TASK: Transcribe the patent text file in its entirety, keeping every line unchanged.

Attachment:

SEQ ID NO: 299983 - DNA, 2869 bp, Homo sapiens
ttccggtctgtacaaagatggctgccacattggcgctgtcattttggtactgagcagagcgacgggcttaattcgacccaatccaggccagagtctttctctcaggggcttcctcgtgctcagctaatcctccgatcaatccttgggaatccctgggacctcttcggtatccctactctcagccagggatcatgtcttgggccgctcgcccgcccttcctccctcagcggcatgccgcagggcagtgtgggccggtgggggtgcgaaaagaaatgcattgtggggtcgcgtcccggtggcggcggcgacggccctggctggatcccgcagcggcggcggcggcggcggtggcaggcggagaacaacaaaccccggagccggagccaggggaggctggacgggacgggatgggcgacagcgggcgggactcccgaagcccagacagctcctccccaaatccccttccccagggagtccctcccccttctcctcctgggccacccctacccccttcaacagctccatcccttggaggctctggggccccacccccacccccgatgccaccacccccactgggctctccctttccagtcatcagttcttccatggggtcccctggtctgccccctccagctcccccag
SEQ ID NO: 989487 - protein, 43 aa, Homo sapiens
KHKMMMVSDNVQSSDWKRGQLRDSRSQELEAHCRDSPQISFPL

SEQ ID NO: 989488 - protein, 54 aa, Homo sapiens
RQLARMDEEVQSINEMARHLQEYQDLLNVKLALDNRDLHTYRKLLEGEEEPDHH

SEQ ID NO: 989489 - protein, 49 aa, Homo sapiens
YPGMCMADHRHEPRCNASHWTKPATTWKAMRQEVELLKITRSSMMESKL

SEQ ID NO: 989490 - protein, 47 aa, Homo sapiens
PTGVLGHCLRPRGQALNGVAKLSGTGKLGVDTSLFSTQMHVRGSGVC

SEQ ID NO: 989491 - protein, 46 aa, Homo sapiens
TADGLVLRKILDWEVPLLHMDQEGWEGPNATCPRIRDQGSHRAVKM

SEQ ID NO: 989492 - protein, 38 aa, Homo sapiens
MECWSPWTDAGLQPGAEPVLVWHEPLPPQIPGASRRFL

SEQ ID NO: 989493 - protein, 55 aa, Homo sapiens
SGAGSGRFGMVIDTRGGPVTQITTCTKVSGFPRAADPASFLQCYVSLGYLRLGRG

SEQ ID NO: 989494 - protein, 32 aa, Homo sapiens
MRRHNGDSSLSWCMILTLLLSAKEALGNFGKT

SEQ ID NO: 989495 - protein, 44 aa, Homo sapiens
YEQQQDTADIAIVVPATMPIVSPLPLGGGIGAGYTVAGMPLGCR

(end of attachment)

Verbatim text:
SEQ ID NO: 299983 - DNA, 2869 bp, Homo sapiens
ttccggtctgtacaaagatggctgccacattggcgctgtcattttggtactgagcagagcgacgggcttaattcgacccaatccaggccagagtctttctctcaggggcttcctcgtgctcagctaatcctccgatcaatccttgggaatccctgggacctcttcggtatccctactctcagccagggatcatgtcttgggccgctcgcccgcccttcctccctcagcggcatgccgcagggcagtgtgggccggtgggggtgcgaaaagaaatgcattgtggggtcgcgtcccggtggcggcggcgacggccctggctggatcccgcagcggcggcggcggcggcggtggcaggcggagaacaacaaaccccggagccggagccaggggaggctggacgggacgggatgggcgacagcgggcgggactcccgaagcccagacagctcctccccaaatccccttccccagggagtccctcccccttctcctcctgggccacccctacccccttcaacagctccatcccttggaggctctggggccccacccccacccccgatgccaccacccccactgggctctccctttccagtcatcagttcttccatggggtcccctggtctgccccctccagctcccccag
SEQ ID NO: 989487 - protein, 43 aa, Homo sapiens
KHKMMMVSDNVQSSDWKRGQLRDSRSQELEAHCRDSPQISFPL

SEQ ID NO: 989488 - protein, 54 aa, Homo sapiens
RQLARMDEEVQSINEMARHLQEYQDLLNVKLALDNRDLHTYRKLLEGEEEPDHH

SEQ ID NO: 989489 - protein, 49 aa, Homo sapiens
YPGMCMADHRHEPRCNASHWTKPATTWKAMRQEVELLKITRSSMMESKL

SEQ ID NO: 989490 - protein, 47 aa, Homo sapiens
PTGVLGHCLRPRGQALNGVAKLSGTGKLGVDTSLFSTQMHVRGSGVC

SEQ ID NO: 989491 - protein, 46 aa, Homo sapiens
TADGLVLRKILDWEVPLLHMDQEGWEGPNATCPRIRDQGSHRAVKM

SEQ ID NO: 989492 - protein, 38 aa, Homo sapiens
MECWSPWTDAGLQPGAEPVLVWHEPLPPQIPGASRRFL

SEQ ID NO: 989493 - protein, 55 aa, Homo sapiens
SGAGSGRFGMVIDTRGGPVTQITTCTKVSGFPRAADPASFLQCYVSLGYLRLGRG

SEQ ID NO: 989494 - protein, 32 aa, Homo sapiens
MRRHNGDSSLSWCMILTLLLSAKEALGNFGKT

SEQ ID NO: 989495 - protein, 44 aa, Homo sapiens
YEQQQDTADIAIVVPATMPIVSPLPLGGGIGAGYTVAGMPLGCR